Franks says Cruz has glossed over just how much the filibuster rule limits the power of GOP leaders.

“He says the leadership is weak because that ostensibly makes him look strong, but the fact is that he has not articulated the effect of this filibuster,” he said. “He has almost been part of the process to keep [knowledge of] it suppressed in order to further his own political ambition, and from my perspective, I’m disappointed in that.” 

Franks voted against reopening the government in 2013 and opposed the clean Department of Homeland Security funding bill earlier this year.

Some Republicans think Cruz’s reputation for divisiveness has limited his influence on Capitol Hill.

Sen. Rand PaulRandal (Rand) Howard PaulGOP senators introduce Trump's plan to claw back billion in spending Pro-Trump super PAC raises .5 million in 6 weeks Trump has exposed Democratic hypocrisy on prison reform MORE (Ky.), a rival for the Republican nomination, told "Kilmeade & Friends," a Fox News radio program, that Cruz “is pretty much done for and stifled” because of a “lack of personal relationships.”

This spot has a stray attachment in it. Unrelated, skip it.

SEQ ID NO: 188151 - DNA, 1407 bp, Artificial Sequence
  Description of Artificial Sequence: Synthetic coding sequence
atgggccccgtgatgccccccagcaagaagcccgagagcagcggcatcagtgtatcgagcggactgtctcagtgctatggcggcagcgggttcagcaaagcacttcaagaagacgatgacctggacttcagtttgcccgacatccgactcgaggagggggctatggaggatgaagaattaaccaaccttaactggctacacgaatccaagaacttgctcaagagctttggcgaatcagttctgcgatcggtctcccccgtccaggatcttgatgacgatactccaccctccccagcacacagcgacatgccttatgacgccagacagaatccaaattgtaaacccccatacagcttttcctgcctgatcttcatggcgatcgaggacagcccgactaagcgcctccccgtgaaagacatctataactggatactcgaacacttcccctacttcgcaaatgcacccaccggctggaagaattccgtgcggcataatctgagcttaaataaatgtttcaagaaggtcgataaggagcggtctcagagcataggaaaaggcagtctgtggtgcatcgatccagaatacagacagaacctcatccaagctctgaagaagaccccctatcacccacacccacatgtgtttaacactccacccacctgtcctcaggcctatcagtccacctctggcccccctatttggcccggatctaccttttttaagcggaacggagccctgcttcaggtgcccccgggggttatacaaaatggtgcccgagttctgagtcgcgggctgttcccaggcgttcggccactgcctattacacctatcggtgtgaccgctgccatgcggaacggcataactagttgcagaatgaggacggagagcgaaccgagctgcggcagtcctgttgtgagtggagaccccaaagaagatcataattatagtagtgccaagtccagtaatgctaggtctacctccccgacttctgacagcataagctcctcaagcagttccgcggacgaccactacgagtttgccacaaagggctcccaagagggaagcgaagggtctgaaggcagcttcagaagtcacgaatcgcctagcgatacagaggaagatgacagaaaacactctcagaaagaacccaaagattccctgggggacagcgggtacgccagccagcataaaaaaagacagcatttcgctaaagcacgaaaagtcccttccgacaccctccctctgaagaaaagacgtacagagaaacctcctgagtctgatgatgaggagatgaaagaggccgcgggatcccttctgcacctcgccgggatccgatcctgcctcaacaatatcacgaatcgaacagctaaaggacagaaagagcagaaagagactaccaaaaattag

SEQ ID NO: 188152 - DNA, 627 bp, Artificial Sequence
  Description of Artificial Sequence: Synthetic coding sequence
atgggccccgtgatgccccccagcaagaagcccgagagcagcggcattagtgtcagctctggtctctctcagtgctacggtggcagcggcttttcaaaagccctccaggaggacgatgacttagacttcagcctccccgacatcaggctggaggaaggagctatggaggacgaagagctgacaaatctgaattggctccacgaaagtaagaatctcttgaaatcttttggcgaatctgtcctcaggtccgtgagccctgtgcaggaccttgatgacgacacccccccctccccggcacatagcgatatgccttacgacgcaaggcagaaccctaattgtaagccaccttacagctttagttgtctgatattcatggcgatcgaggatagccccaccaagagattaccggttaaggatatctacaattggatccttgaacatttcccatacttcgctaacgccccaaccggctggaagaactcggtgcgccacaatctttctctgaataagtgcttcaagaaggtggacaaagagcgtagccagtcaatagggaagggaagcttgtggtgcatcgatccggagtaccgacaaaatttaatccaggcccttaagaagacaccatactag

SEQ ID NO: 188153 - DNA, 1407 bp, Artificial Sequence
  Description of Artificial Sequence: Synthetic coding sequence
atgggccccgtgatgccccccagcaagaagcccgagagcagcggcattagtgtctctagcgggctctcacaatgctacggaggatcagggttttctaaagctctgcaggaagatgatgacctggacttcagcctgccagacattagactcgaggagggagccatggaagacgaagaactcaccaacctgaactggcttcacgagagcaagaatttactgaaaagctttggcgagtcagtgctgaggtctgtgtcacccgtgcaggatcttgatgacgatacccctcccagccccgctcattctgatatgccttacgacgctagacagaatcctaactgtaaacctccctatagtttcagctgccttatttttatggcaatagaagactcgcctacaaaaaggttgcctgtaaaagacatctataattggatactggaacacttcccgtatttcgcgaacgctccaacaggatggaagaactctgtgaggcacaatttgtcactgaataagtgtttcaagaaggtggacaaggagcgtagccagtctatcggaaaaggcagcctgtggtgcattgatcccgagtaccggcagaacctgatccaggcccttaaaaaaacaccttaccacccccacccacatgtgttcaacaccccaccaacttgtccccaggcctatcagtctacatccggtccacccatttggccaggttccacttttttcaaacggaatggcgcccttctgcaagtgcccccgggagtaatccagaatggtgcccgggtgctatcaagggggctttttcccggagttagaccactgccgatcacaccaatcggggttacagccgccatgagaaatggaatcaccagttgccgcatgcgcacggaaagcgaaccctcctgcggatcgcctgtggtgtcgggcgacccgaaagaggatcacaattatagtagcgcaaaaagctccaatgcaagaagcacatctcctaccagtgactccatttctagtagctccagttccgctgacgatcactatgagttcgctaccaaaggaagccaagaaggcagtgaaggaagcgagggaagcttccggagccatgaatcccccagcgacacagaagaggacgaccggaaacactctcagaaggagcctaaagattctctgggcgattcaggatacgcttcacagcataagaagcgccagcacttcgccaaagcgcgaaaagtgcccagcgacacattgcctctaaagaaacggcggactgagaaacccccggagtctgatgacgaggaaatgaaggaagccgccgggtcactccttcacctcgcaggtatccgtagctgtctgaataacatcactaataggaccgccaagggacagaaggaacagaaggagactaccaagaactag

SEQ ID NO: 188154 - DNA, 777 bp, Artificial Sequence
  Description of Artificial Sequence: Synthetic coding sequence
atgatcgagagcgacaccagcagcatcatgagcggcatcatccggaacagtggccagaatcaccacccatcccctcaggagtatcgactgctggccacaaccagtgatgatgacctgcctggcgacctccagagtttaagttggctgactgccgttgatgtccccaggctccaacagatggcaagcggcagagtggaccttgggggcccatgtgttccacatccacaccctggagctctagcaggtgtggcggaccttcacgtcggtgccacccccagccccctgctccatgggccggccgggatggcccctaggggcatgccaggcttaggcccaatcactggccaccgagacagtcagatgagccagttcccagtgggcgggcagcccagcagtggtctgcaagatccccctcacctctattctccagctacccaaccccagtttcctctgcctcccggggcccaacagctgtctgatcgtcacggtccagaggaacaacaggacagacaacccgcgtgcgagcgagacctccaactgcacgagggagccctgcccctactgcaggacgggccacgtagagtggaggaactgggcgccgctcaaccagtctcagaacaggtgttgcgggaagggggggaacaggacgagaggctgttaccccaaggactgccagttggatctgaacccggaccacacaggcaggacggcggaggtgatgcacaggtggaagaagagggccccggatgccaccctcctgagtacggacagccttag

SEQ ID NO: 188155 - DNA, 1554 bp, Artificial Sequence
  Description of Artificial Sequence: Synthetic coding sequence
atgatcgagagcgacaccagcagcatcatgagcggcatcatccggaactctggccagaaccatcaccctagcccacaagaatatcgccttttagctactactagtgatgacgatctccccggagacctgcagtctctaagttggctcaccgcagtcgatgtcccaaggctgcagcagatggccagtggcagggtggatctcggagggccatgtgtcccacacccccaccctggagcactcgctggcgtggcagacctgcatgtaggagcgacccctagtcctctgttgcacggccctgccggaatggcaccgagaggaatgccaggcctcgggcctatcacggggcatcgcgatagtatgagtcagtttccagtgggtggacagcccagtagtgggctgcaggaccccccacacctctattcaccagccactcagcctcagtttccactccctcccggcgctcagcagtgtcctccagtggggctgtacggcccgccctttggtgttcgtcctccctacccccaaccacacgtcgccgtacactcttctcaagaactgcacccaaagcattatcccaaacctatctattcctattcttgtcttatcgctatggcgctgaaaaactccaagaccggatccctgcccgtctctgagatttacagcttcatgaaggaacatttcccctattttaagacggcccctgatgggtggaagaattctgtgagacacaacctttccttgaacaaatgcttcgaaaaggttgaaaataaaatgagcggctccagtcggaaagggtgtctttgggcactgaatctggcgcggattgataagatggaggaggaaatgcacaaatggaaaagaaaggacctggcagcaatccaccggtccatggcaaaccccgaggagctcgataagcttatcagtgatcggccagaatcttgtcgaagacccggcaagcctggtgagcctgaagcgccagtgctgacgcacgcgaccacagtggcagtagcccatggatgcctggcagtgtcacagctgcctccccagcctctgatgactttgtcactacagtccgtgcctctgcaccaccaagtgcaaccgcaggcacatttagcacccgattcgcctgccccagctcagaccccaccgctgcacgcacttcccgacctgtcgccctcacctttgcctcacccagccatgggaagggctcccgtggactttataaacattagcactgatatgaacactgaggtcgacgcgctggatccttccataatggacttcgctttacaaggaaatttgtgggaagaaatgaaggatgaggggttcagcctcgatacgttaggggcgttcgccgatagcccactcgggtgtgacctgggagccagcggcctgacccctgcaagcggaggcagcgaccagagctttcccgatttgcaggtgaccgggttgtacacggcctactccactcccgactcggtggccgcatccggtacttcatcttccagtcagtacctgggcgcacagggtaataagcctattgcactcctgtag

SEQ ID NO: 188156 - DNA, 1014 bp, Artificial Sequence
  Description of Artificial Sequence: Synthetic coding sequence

But Cruz is proving much more popular than Paul with Republican primary voters. His campaign collected $12.2 million in the last fundraising quarter. Only retired neurosurgeon Ben Carson, who is vying for the lead with Donald TrumpDonald John TrumpGOP-Trump trade fight boils over with threat to cars Trump: Meetings on potential North Korea summit going 'very well' Freed American 'overwhelmed with gratitude' after being released from Venezuela MORE in national polls, and former Florida Gov. Jeb Bush raised more during that period.

A recent Fox News national poll showed Cruz in third place with 10 percent support, ahead of Bush and Sen. Marco RubioMarco Antonio RubioHouse immigration fight could boost vulnerable Republicans Venezuelan oil must not fall under Russia's tutelage Giuliani rails against Mueller probe MORE (R-Fla.), putting him in a prime position in the early voting states of Iowa and South Carolina.

National popularity has its price, however.